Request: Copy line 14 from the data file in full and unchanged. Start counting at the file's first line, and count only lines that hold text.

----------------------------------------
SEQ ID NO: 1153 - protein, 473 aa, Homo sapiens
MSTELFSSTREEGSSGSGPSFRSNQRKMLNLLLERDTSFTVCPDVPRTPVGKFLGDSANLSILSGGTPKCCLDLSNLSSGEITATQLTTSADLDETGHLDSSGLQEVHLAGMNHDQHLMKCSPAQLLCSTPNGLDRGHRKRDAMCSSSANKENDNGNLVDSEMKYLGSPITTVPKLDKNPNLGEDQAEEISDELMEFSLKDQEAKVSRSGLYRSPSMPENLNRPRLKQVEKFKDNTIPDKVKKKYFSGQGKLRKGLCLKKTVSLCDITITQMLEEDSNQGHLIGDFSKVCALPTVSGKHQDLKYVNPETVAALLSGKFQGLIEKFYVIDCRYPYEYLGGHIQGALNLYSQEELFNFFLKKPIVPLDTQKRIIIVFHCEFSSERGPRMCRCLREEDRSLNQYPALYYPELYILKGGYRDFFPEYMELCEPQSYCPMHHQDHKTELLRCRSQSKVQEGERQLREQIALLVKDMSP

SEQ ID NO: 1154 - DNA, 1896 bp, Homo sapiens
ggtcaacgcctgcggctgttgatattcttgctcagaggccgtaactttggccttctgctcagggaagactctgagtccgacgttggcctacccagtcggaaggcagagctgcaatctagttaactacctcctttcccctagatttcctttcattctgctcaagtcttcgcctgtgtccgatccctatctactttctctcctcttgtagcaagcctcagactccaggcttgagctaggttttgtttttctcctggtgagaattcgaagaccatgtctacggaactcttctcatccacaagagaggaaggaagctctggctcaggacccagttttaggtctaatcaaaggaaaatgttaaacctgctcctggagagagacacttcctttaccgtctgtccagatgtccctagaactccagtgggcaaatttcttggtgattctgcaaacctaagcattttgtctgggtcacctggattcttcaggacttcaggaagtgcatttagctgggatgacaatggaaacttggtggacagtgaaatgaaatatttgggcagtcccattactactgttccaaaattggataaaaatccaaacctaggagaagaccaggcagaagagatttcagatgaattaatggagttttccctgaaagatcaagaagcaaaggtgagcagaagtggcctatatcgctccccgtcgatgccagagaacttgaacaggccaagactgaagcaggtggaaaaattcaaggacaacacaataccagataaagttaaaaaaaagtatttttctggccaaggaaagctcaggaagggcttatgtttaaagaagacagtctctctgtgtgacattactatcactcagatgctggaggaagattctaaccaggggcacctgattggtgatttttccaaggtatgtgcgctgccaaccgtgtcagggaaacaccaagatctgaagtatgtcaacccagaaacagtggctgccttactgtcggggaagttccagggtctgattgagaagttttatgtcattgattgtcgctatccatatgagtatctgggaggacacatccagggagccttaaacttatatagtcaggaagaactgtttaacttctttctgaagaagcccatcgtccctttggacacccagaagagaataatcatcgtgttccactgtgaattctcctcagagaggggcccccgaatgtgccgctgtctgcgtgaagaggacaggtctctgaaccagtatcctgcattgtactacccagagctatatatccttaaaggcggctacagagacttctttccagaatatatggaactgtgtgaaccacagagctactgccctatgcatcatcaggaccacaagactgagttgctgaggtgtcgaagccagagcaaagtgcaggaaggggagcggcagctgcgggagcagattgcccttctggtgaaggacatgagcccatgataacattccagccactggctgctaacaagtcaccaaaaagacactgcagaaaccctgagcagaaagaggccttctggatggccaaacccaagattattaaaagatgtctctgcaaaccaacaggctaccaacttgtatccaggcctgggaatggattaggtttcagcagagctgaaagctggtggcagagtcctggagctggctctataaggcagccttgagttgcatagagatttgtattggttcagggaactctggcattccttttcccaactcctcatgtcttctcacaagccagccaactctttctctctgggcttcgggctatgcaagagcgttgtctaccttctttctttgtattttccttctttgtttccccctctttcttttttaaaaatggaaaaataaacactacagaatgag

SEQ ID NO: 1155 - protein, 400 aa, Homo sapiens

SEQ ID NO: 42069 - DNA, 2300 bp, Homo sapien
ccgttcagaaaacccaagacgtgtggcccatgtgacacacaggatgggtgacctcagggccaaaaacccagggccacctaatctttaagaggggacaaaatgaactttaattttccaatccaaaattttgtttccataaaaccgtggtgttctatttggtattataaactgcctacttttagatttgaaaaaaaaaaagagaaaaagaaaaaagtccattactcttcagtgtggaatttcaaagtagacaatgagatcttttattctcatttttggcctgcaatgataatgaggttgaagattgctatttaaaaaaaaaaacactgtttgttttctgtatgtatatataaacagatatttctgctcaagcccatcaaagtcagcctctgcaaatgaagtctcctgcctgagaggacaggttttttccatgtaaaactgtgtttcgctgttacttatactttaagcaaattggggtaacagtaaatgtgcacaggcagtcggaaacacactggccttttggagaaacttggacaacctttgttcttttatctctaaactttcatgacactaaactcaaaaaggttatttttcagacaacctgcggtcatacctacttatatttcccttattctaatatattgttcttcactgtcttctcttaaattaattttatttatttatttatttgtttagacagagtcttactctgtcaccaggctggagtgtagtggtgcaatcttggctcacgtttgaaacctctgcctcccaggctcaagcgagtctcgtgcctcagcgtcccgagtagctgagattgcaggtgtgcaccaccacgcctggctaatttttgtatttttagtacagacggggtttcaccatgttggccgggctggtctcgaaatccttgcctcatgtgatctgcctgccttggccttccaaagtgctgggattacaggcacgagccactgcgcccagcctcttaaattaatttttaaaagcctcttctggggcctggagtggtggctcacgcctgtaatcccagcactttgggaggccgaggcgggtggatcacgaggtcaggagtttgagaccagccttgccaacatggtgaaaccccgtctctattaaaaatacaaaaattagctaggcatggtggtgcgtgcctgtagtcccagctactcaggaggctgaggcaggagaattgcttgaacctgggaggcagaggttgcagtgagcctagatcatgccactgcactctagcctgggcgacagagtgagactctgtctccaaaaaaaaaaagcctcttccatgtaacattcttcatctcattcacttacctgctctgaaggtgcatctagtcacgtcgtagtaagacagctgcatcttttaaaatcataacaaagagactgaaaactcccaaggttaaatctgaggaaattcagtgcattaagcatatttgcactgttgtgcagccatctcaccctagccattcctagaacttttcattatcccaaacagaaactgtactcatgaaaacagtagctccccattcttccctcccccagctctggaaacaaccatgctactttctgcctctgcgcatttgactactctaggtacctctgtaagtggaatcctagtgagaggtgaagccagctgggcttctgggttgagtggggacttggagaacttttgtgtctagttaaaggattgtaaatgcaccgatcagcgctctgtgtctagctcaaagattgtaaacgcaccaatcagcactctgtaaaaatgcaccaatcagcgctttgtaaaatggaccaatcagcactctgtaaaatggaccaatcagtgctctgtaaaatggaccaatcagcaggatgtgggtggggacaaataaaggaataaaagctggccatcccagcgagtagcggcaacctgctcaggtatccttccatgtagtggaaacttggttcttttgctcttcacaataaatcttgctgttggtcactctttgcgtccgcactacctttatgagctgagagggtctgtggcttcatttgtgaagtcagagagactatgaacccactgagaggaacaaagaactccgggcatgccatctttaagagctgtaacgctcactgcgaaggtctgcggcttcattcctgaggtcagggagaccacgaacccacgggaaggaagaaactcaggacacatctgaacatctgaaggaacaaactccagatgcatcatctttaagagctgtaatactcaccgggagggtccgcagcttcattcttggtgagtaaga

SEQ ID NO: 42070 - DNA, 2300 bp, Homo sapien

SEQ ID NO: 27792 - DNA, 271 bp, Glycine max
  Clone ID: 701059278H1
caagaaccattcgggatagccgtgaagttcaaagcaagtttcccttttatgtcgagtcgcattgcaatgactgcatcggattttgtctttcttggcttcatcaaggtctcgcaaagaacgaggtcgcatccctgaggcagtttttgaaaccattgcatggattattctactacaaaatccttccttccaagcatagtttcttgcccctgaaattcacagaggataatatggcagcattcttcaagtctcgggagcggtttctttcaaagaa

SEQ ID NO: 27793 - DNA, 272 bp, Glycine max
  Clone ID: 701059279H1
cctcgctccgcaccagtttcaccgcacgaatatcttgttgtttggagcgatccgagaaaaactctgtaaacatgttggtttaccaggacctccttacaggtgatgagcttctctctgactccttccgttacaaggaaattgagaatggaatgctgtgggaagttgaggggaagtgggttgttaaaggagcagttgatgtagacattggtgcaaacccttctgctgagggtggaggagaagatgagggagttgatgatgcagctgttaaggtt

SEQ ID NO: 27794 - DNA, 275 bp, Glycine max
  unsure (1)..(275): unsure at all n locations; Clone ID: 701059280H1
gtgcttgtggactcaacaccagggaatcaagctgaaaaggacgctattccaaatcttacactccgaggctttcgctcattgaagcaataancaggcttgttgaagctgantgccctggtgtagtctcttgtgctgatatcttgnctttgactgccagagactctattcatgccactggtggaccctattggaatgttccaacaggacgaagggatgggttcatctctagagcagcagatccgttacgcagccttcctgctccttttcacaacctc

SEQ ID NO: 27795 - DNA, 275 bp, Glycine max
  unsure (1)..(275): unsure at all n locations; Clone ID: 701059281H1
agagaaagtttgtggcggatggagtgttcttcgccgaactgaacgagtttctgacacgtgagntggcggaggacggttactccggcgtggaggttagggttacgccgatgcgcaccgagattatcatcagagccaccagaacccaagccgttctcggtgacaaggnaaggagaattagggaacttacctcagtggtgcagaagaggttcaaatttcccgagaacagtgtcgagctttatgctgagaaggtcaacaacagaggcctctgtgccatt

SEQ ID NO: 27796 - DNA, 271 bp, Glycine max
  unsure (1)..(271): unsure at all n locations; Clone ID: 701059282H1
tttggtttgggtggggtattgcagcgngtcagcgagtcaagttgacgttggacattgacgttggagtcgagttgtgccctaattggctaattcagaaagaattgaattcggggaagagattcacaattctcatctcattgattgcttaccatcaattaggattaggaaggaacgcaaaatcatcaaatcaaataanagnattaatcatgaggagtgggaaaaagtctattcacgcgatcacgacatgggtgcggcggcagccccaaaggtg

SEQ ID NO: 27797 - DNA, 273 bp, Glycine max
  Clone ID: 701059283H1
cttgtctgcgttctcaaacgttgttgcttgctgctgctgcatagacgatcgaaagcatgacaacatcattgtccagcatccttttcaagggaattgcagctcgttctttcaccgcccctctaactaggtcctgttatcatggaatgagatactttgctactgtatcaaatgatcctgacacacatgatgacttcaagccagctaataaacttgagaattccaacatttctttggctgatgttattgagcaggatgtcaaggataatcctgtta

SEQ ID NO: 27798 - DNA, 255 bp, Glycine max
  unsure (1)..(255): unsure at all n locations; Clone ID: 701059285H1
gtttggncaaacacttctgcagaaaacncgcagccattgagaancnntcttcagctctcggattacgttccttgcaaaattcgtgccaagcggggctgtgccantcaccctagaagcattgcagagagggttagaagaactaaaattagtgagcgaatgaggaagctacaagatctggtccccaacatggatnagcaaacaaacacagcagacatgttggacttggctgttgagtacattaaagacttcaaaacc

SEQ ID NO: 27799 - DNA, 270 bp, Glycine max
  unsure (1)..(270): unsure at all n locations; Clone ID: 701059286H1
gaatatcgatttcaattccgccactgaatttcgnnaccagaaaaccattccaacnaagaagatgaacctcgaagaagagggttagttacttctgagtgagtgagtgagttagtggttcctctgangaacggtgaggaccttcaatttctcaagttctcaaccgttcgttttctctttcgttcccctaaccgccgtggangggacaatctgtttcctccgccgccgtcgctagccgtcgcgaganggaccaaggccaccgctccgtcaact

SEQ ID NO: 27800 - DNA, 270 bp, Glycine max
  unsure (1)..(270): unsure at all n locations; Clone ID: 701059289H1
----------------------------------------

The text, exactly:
cctcgctccgcaccagtttcaccgcacgaatatcttgttgtttggagcgatccgagaaaaactctgtaaacatgttggtttaccaggacctccttacaggtgatgagcttctctctgactccttccgttacaaggaaattgagaatggaatgctgtgggaagttgaggggaagtgggttgttaaaggagcagttgatgtagacattggtgcaaacccttctgctgagggtggaggagaagatgagggagttgatgatgcagctgttaaggtt